RESEARCH ARTICLE


Lessons Learned from Non-Pharmaceutical Public Health Responses to Pandemic (H1N1) 2009 in Japan



Koji Wada*
Department of Preventive Medicine and Public Health Kitasato University School of Medicine, 1-15-1 Kitasato, Sagamihara, Kanagawa 228-8555, Japan.


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Wada et al.; Licensee Bentham Open

open-access license: This is an open access article distributed under the terms of the Creative Commons Attribution 4.0 International Public License (CC-BY 4.0), a copy of which is available at: https://creativecommons.org/licenses/by/4.0/legalcode. This license permits unrestricted use, distribution, and reproduction in any medium, provided the original author and source are credited.

* Address correspondence to this author at the Department of Preventive Medicine and Public Health Kitasato University School of Medicine, 1-15-1 Kitasato, Sagamihara, Kanagawa 228-8555, Japan; Fax: +81-42-778-9257; Tel: +81-42-778-9352; E-mails: kwada@med.kitasato-u.ac.jpkwada-sgy@umin.ac.jp


Abstract

Public health responses in mitigating influenza pandemics include enhanced surveillance, quarantine, patient management, and social distancing. This manuscript summarizes non-pharmaceutical public health responses in Japan and identifies 10 lessons learned from pandemic (H1N1) 2009.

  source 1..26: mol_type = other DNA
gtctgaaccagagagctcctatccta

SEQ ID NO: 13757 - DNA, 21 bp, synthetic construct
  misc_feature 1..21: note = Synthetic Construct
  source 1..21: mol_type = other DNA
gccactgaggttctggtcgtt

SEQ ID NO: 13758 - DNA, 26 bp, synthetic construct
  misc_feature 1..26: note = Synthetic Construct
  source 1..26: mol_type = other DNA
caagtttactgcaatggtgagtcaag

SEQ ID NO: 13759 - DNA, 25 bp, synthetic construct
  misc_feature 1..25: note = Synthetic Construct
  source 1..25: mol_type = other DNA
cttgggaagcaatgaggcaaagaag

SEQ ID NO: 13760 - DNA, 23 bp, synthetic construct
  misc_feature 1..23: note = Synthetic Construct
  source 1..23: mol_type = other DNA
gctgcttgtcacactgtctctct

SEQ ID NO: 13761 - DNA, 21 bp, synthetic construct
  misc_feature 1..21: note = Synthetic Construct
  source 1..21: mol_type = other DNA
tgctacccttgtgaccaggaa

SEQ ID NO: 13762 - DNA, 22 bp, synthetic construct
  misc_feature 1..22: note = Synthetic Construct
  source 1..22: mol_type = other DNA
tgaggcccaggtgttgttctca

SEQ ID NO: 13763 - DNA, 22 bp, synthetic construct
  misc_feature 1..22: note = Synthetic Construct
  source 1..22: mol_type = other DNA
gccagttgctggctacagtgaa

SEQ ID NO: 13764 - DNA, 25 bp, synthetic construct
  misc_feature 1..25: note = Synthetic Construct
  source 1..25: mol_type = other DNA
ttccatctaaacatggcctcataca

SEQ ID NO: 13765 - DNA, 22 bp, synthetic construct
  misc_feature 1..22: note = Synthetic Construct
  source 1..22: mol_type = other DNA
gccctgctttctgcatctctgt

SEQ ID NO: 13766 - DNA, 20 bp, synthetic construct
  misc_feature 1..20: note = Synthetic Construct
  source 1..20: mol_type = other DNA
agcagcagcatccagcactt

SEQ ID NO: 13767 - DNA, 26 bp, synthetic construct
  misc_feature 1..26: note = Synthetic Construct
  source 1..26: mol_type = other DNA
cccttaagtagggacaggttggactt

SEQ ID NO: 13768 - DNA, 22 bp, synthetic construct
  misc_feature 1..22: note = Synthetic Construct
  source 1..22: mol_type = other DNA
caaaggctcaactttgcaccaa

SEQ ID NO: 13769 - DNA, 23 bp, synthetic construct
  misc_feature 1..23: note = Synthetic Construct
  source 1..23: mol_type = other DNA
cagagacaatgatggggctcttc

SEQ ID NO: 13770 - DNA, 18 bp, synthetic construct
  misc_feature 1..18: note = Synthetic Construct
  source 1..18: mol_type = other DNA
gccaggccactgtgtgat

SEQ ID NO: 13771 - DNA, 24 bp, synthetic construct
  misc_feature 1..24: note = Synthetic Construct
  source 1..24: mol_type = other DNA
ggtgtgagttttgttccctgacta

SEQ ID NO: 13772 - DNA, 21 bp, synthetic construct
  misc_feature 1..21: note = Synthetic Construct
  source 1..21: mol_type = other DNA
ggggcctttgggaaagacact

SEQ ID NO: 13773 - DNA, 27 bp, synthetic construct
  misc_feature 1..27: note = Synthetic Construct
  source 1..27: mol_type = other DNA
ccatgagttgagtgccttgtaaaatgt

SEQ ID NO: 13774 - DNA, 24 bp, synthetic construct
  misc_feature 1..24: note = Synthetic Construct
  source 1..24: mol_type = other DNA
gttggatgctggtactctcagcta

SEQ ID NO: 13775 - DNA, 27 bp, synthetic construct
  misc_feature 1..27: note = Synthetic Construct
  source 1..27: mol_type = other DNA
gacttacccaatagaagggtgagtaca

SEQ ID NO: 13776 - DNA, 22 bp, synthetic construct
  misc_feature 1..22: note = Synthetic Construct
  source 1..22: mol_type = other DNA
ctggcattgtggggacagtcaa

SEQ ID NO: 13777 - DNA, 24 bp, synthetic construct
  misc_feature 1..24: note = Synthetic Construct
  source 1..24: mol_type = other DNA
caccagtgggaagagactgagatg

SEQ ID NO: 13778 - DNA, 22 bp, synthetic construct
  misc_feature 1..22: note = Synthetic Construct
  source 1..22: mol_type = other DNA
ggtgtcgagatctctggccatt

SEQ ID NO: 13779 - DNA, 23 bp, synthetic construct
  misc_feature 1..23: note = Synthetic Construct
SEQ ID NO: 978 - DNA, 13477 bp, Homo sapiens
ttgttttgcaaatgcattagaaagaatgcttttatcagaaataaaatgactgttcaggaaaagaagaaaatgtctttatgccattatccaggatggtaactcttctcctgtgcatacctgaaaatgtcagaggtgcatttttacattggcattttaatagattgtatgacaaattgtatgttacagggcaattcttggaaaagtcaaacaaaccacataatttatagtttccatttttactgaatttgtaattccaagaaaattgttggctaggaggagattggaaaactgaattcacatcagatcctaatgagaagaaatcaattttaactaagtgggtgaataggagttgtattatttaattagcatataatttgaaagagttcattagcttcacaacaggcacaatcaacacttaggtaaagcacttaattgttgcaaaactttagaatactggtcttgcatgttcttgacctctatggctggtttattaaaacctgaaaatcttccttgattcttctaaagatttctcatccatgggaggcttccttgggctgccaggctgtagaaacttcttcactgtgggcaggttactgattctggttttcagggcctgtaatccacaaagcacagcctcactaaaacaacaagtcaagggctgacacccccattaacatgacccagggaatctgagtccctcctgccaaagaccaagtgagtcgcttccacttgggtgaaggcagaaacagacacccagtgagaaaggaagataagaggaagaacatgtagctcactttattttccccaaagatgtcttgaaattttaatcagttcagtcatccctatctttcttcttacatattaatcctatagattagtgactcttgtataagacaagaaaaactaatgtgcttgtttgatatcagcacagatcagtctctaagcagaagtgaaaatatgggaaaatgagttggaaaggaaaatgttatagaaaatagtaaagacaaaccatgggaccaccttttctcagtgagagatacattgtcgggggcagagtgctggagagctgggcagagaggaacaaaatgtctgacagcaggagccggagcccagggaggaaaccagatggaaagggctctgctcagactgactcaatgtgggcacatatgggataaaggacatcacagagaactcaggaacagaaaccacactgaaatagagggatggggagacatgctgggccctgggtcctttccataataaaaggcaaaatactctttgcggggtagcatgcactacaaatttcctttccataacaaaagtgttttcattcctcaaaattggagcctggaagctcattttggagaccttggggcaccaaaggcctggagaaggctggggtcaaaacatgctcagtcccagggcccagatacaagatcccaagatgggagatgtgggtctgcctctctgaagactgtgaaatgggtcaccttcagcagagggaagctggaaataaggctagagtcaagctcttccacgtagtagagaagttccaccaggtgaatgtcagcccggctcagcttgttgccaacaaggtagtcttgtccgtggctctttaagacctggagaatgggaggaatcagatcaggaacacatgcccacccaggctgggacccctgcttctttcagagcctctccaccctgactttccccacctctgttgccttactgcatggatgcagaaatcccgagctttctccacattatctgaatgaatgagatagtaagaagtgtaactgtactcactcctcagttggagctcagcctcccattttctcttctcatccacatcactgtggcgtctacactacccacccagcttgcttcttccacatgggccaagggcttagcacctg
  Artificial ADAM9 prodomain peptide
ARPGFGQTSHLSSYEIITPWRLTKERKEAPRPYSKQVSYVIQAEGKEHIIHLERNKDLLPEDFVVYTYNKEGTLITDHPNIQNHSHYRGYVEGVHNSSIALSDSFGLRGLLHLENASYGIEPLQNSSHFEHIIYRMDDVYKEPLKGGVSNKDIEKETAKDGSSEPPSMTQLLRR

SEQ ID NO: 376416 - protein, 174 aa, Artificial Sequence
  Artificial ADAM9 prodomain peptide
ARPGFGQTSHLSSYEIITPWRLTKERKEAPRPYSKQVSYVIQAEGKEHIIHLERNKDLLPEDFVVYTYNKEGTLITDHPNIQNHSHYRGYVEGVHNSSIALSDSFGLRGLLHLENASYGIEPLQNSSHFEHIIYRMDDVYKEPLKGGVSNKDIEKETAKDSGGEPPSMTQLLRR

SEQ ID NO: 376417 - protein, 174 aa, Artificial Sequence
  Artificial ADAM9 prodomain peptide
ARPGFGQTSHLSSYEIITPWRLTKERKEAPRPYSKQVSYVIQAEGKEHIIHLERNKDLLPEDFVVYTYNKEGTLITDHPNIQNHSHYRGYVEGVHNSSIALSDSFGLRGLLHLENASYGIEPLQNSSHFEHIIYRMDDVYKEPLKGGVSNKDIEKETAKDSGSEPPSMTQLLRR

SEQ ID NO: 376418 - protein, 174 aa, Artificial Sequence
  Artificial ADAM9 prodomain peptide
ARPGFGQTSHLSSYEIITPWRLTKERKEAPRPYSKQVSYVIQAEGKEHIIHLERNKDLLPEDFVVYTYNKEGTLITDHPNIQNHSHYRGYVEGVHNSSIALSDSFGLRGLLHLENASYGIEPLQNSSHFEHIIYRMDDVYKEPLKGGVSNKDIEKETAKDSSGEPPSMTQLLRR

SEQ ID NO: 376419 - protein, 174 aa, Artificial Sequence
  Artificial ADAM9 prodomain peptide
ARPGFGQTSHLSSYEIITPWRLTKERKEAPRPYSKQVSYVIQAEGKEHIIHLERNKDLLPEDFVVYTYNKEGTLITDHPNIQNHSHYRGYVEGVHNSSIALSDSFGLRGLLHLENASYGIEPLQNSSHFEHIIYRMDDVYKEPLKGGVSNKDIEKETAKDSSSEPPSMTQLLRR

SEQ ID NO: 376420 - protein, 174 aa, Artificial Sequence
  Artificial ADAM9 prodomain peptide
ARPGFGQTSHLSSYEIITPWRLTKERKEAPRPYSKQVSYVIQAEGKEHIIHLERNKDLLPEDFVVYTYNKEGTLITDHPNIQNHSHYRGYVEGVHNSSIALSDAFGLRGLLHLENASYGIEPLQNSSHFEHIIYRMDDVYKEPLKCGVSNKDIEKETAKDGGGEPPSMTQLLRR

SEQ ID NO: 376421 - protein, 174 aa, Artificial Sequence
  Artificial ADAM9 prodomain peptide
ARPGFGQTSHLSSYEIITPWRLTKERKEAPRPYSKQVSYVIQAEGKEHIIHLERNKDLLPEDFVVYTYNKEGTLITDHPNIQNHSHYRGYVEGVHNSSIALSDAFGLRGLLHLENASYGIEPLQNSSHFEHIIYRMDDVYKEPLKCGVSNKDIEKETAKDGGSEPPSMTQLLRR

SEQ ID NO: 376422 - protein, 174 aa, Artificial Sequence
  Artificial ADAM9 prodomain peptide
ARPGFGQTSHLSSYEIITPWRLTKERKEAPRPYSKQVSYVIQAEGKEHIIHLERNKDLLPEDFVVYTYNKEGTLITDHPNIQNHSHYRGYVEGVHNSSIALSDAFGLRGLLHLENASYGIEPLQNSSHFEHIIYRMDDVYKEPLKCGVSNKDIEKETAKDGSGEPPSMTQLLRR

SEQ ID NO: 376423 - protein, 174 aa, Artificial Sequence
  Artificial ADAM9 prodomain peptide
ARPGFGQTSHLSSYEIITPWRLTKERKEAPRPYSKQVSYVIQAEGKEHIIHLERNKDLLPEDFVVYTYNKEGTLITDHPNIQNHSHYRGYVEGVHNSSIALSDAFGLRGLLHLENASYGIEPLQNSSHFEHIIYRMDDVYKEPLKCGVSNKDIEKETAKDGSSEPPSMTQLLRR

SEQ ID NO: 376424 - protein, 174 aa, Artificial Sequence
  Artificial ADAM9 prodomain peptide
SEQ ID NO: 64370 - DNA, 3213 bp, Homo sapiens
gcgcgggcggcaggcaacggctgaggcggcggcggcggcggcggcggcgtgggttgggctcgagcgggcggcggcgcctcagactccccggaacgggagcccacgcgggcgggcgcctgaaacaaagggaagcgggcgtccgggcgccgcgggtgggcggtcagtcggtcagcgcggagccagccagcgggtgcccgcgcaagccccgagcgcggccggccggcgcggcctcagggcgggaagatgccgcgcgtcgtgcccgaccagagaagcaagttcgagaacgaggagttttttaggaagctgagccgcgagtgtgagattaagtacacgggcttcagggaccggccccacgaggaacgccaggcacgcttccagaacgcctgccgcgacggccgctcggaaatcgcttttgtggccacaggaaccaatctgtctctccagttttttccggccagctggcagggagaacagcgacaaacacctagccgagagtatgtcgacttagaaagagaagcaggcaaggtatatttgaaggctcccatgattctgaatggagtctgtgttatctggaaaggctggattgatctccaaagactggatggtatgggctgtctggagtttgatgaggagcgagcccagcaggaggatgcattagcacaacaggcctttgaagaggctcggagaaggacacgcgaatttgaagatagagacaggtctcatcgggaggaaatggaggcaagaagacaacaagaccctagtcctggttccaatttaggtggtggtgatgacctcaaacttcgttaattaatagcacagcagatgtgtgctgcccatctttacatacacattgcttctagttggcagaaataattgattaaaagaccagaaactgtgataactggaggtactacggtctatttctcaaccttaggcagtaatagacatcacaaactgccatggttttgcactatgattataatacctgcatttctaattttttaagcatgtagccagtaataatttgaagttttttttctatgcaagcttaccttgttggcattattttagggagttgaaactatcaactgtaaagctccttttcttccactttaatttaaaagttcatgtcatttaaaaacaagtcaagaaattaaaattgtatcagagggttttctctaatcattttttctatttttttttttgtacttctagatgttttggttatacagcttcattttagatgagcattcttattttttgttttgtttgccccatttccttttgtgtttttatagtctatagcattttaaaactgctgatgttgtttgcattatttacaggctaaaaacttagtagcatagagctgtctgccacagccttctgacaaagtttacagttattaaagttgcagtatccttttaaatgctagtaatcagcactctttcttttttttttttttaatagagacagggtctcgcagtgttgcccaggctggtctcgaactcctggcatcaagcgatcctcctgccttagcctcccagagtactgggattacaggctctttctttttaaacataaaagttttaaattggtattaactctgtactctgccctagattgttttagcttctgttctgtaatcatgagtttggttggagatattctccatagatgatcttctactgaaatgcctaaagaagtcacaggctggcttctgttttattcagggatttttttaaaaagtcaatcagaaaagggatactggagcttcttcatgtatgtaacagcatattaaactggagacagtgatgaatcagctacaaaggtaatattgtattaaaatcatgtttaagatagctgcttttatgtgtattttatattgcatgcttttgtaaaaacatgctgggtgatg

Pandemic (H1N1) 2009 can be classified into five phases: I) prepandemic; II) overseas, when swine influenza A (H1N1) was identified in Mexico and the United States; III) early localized, when domestic clusters of patients were identified in Japan; IV) smoldering; and V) widespread.

Ten lessons were learned and identified: in the prepandemic phase, 1) the initiatives of high-level decision-making bodies must be enforced effectively and comprehensively, and 2) planning must be flexible and based on a range of scenarios. In the overseas phase, 3) difficulties in decision-making and require the public’s trust, 4) human rights must be protected, especially for infected individuals, and 5) efficient response operations are essential because of limited resources. In the early localized phase, 6) acceptance of local governments’ initiatives, 7) assumption of the identification of the first domestic patients without overseas travel, 8) strategic public communication for minimizing anxiety, and 9) timely resource allocations with termination of unnecessary responses are necessary. In the widespread phase, 10) criteria for school closures are essential. The implementation of these measures could create greater efficiency in public health responses in the face of another epidemic.

Keywords: Pandemic, public health responses, decision-making, lessons learned.